Archivo de la etiqueta: Summer 2018

Differences between the United States and Spain – Elizabeth

Hello Academia Manhattan! I have been in Spain for almost a year now, and I’ve noticed a lot of cultural differences between Spain and my home in the U.S.  For example, people here eat meat more often than at home, or at least within my family in the United States. My mother is vegetarian, and I have noticed that in Spain it is less common to be a vegetarian or vegan. I haven’t eaten very many vegetables here compared to in the U.S.  People also use olive oil much more here than in the U.S.! Speaking of food, people in Spain seem to go to bars more often than in the U.S. I’ve seen children’s birthday parties hosted at bars, which would never happen in the United States! In the United States, people under the legal drinking age, 21, are not even allowed inside bars. Here, anyone can spend time in a bar. I’ve also seen Spanish people drink a beer or wine with both lunch and dinner. In contrast, in the United States people usually only drink alcohol with dinner or after dinner, and generally don’t drink it as often, unless they are at an event, party, or some kind of celebration. Spaniards attitudes seem to be more relaxed about alcohol.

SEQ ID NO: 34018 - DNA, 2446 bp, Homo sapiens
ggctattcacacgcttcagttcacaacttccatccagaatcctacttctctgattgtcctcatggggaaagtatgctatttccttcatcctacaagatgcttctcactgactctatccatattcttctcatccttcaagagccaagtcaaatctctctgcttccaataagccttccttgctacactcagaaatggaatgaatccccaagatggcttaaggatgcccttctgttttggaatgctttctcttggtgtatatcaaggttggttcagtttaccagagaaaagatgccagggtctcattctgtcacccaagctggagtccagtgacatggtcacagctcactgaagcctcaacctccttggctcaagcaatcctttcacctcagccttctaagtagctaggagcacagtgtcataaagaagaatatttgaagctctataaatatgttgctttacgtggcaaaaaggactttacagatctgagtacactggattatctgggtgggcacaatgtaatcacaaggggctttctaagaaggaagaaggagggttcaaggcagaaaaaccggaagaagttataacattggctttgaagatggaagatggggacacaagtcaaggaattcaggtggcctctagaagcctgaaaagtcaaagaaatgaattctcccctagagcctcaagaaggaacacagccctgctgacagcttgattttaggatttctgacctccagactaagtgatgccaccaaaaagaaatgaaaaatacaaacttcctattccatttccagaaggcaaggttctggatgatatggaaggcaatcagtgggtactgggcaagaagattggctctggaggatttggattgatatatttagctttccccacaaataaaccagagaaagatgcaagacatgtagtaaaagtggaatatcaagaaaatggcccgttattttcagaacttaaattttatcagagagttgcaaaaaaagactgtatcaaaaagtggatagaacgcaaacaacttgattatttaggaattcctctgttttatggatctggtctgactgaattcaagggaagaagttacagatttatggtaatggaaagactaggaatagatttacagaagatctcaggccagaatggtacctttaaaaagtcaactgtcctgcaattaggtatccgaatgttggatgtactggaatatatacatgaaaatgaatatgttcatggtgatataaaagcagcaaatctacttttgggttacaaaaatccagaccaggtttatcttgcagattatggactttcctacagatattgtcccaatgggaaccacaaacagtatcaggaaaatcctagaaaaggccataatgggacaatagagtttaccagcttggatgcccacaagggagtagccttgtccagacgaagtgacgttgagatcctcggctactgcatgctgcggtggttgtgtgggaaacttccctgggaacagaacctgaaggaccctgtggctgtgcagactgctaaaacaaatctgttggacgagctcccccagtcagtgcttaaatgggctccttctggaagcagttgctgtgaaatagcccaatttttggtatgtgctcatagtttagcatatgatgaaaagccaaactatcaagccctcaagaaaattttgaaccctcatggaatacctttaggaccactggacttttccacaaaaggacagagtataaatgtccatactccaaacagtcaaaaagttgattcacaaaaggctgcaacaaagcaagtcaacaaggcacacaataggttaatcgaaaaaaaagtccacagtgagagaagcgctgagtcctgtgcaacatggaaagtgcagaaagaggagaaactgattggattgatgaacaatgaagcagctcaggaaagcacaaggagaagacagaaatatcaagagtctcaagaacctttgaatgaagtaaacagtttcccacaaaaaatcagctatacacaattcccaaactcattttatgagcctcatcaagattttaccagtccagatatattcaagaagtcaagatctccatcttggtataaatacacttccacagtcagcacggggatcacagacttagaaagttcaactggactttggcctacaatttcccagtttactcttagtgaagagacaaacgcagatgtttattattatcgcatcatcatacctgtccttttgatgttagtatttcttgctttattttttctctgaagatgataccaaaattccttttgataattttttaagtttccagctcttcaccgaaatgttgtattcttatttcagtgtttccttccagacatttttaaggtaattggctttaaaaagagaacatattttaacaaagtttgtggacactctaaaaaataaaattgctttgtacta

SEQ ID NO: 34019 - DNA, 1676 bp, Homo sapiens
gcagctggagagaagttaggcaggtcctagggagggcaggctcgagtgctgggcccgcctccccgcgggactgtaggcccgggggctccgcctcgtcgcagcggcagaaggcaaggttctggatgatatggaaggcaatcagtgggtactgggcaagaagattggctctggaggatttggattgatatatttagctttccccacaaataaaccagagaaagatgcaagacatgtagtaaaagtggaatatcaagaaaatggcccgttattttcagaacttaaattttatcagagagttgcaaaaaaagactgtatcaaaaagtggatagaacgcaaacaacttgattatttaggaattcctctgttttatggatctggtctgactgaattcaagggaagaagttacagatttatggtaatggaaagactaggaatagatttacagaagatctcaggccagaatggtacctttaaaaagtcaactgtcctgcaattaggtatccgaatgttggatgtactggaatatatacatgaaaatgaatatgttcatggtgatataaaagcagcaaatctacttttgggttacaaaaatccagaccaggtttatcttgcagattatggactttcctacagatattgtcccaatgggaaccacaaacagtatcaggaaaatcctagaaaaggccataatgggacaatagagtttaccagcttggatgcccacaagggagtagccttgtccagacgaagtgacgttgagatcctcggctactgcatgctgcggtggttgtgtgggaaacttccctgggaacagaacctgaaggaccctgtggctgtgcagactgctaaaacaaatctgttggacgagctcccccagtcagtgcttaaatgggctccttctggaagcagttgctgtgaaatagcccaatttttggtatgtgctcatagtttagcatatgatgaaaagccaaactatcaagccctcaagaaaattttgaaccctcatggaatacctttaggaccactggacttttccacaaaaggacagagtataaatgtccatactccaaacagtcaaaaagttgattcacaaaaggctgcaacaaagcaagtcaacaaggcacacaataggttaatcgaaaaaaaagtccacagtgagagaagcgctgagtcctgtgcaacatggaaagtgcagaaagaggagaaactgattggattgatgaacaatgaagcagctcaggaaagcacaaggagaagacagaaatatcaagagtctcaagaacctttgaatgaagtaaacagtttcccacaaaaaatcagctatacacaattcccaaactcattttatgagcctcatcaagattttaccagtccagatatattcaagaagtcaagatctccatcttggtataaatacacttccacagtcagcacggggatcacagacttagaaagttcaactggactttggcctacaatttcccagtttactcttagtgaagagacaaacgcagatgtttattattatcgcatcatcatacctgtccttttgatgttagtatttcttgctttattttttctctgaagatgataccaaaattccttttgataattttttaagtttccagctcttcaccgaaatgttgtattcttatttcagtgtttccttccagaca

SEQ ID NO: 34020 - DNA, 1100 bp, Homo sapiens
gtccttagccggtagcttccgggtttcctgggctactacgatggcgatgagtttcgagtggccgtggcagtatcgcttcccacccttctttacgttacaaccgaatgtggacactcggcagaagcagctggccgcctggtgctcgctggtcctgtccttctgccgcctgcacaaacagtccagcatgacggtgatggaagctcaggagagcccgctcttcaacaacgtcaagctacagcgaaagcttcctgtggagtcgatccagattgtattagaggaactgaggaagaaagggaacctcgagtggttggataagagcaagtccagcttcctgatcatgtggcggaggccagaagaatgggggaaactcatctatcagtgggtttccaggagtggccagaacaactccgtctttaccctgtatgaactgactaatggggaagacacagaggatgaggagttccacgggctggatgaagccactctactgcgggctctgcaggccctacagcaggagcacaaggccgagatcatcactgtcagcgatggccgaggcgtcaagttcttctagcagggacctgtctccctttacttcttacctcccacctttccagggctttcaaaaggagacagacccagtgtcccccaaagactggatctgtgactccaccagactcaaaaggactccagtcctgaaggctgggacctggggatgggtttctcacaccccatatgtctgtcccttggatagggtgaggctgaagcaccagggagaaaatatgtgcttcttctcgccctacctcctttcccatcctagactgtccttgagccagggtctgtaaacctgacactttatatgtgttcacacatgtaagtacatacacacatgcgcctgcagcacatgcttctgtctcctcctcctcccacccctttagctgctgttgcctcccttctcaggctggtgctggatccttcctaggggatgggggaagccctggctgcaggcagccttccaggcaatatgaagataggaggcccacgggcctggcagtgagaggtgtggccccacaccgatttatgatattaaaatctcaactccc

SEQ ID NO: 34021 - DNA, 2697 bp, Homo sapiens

In terms of cities and towns, in Spain they are distinct. Many cities here have old neighborhoods that date back centuries and are still more or less the same as when they were built (with modern renovations of course). But there are also archeological remains right in the middle of the city, like the aqueduct of Segovia and the Mezquita in Córdoba.  In the United States, not many cities have these old neighborhoods, and everything is relatively new. Our oldest areas are only a few hundred years old, which in comparison with Spain, is basically new. Many of the towns or villages I have seen in Spain are built clustered together, with most people living within the town limits and in houses that are built right next to each other. There are patios, but few gardens or backyards. In the United States, towns are built more spaced out. It is harder to see where the town ends, whereas in Spain the buildings are built where the town suddenly becomes the country, and there are few buildings outside of it. In my town (Essex, Vermont) we have a town center where all of the shops and public buildings are built, but they are not near peoples houses. We have neighborhoods that are outside the center where there are only houses, and everyone has a backyard or garden. I live on a road that leads to the town center, but more in the country where I have a big backyard, or garden.  There is nothing but other houses and nature around me. That also exists in Spain, but it seems to be less popular to live so far from the town center.